Now, as we look at the ruins of Tel Aviv’s Maariv Bridge at our feet, it seems that the time is ripe to reveal the beauty of the plan for the light rail system in all its daring. Don’t underestimate it. When we say “daring” we mean at the very least. It’s genius and deadly.
- Thousands expected to show up for Tel Aviv bridge demolition
- Last call for the Tel Aviv metro
- Tel Aviv landmark bridge demolished to make way for light rail station
We, the inhabitants of central Tel Aviv, asked ourselves more than once in recent weeks why we are to be punished in this way, for six years, by ongoing inconvenience, including vehicles clogging residential side streets that were not meant to be carrying such heavy traffic, lengthening even the shortest journey in a way that will make us sorry we set out for destinations that now seem almost as if they are in another country.
We are not ashamed admit that at first we did not see the logic. Some of us, in our darkest moments, raised the possibility that this was state-sponsored torment by the Jewish Identity Administration, and that they might be building an enclosure for us under the guise of excavating train tunnels. Tunneling has gotten a bad name around these parts since last summer. If the enemy’s fighters can pop out of tunnels along the Gaza border, who knows what might emerge from the depths of the earth under the Mifgash Hasteak restaurant.
And it’s all for the sake of traveling from Petah Tikva to Bat Yam via Bnei Brak? We pored over a map, our fingers tracing the Red Line. There must be a catch, we said, wrinkling our brow with suspicion. But we very soon realized that the problem with our thinking was that it was tainted with Tel Aviv-centrism. No one expects that we, who live in central Tel Aviv, will suddenly, just like that, seek the option of getting on a train near our house and taking it to the depths of Petah Tikva or the outskirts of Bat Yam.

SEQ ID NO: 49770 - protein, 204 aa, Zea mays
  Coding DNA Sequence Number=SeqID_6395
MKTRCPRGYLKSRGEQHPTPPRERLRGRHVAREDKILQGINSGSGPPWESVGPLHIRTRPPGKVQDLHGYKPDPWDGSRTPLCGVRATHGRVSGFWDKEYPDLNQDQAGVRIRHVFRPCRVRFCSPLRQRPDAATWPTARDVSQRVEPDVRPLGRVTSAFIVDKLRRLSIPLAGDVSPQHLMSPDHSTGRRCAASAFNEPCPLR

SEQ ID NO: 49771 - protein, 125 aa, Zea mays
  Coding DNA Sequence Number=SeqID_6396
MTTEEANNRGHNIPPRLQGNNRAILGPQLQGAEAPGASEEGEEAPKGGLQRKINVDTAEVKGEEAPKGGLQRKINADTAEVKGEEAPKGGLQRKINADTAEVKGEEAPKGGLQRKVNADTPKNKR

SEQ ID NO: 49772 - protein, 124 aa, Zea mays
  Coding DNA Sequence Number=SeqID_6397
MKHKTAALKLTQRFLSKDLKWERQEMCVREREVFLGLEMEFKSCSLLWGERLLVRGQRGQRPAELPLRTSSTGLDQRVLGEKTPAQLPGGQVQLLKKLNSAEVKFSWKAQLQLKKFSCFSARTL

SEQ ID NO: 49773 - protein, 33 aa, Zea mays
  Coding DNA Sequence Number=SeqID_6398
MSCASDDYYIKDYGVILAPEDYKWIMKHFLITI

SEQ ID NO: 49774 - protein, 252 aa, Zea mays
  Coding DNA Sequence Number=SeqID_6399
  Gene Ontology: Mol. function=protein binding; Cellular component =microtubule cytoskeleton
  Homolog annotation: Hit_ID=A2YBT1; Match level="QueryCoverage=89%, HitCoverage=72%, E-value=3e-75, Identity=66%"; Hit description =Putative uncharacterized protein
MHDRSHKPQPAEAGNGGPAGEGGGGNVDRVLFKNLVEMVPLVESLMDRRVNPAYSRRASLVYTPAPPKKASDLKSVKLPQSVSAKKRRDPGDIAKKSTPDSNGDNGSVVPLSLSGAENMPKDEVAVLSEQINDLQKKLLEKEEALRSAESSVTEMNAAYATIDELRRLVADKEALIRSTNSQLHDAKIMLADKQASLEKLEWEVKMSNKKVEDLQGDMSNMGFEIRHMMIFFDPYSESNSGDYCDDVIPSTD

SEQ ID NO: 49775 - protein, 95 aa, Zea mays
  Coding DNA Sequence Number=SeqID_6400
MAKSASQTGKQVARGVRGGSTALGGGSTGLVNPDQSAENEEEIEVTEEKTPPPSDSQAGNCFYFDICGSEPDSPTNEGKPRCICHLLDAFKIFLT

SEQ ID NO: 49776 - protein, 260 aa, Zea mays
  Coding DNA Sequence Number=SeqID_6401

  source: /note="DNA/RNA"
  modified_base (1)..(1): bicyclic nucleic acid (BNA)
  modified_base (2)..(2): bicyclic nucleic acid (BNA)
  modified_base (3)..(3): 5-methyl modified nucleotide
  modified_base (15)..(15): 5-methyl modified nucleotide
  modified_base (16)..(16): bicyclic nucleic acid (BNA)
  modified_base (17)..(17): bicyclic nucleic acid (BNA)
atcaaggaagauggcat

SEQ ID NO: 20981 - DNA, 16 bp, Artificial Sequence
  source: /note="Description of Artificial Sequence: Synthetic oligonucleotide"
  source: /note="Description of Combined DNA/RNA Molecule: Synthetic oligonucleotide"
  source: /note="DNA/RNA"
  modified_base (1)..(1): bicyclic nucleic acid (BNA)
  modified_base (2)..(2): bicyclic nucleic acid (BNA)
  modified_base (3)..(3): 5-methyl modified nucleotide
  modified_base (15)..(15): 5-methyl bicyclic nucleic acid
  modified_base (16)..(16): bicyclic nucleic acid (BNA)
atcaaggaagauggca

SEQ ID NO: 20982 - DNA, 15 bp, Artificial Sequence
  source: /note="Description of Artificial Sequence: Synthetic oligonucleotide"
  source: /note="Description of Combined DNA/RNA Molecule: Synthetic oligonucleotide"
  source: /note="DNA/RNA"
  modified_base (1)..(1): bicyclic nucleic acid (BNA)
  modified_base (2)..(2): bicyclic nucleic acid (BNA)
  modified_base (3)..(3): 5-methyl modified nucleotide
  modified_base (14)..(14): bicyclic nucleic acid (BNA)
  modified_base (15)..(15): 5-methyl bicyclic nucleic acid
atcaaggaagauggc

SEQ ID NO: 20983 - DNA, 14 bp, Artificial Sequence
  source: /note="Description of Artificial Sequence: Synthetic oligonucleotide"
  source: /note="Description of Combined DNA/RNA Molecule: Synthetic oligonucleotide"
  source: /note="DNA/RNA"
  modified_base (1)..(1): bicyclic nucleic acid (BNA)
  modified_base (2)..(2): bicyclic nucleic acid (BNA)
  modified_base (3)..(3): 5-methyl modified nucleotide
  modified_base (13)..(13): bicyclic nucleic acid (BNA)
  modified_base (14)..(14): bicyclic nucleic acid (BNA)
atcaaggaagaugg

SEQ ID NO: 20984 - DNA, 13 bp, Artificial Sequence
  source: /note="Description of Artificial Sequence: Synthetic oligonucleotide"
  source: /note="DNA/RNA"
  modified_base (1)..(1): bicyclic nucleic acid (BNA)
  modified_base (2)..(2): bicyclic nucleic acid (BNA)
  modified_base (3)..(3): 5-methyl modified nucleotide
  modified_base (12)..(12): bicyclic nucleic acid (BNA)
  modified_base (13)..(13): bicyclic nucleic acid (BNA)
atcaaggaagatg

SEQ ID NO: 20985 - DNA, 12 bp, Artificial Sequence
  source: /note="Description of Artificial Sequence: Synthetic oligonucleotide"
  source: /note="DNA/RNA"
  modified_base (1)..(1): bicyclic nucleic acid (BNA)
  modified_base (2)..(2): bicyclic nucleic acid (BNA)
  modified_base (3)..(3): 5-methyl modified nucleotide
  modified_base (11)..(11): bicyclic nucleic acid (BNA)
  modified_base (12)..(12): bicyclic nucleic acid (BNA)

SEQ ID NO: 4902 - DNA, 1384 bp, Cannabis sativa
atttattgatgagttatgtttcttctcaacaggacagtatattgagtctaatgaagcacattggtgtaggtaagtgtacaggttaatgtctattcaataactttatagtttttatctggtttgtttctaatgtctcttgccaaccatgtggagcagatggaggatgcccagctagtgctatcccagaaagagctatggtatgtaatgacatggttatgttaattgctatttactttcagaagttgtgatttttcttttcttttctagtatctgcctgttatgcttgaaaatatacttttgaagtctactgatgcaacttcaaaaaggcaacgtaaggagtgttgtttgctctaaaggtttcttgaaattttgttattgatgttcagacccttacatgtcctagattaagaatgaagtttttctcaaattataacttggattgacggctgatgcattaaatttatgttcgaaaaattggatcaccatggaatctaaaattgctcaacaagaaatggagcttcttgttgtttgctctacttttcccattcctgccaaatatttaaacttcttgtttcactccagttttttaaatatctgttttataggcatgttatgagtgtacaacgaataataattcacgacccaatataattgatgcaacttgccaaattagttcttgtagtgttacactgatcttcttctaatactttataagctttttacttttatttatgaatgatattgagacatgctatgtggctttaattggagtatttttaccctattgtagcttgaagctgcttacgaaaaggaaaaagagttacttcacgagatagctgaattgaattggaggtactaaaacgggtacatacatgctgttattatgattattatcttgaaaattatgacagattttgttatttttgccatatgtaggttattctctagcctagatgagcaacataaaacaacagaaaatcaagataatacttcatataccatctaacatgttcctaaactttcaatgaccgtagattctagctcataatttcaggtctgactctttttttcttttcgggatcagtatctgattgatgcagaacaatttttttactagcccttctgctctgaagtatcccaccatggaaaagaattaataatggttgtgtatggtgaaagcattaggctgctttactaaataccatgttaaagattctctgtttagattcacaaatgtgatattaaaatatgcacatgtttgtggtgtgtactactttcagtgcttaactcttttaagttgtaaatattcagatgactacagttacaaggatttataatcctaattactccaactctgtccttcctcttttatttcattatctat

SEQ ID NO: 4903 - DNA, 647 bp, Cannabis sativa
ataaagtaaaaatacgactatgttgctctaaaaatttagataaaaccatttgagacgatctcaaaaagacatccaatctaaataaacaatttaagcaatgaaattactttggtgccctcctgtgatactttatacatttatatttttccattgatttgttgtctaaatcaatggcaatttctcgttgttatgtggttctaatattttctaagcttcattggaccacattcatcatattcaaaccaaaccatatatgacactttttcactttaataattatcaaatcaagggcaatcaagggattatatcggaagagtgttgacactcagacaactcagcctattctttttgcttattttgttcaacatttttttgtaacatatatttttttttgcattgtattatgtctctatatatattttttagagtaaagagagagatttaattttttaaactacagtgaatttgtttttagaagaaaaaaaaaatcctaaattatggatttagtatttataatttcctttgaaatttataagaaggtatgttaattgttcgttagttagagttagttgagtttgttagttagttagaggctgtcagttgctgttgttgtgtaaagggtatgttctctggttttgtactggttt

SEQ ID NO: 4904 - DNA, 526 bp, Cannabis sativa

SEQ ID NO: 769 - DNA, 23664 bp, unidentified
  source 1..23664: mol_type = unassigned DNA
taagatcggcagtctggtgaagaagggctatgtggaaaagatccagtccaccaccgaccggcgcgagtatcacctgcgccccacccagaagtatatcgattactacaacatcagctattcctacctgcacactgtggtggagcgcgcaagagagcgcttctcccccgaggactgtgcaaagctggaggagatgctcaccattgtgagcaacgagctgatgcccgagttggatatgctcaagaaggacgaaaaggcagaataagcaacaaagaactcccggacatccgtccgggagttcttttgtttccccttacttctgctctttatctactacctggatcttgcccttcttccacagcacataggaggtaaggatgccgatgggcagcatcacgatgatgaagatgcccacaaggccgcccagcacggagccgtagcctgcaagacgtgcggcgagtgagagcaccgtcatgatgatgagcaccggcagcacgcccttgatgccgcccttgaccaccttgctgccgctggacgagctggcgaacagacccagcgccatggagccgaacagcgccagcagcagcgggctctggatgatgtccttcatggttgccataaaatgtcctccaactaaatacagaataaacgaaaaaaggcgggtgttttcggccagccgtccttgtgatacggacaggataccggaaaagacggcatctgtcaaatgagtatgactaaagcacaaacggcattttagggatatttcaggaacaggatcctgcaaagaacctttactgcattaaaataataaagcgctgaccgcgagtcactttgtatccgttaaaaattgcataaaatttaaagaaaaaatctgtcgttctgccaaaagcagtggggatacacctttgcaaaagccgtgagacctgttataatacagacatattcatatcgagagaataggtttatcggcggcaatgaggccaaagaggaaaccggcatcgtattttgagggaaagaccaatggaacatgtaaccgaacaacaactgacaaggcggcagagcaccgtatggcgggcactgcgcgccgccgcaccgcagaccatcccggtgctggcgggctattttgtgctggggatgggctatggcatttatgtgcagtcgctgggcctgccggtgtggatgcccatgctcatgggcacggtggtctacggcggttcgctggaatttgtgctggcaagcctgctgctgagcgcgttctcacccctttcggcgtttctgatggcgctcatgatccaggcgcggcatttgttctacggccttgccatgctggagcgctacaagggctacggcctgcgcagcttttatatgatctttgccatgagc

Rather, the inhabitants of Petah Tikva and Bat Yam are being invited to stream into the big city on the train, either to work there by day or to party at night. And because they’ll be using the train, they’ll immediately begin leaving their cars at home and our streets will be empty of them. And if someone wants to live in Bat Yam or to work in Petah Tikva, the train will also help him reach that goal!
Still, we were dogged by doubt. We were skeptical. Will some guy from Petah Tikva really get off the train at Yehudit Street and catch a bus or taxi to his job from there? Will he waste more time and money? No, we didn’t think so either. And as pleasant as it is for us to toy with the possibility that somebody might live in Bat Yam and work in Petah Tikva, we must admit how remote a possibility that is.
So who is all this commotion for? Who will be the lucky recipients of this prize? We looked around, and then came our eureka moment: It’s all for us. We are being pushed into packing our belongings, leaving our apartments and moving to Petah Tikva, to Ramat Gan and to Bat Yam. That is what a train like this does. It encourages families to leave the center of the big city for distant neighborhoods that are cheaper and quieter. The chaos of the train’s construction will expel us to the end of the line. And from the place of our exile its existence will make it easier for us to visit our old neighborhood, which will sigh on without us. A person needs to know what station to get off at. And the station being built under our noses will be somebody else’s. It’s called demographic transfer. And is there any means of transport more suitable than a train?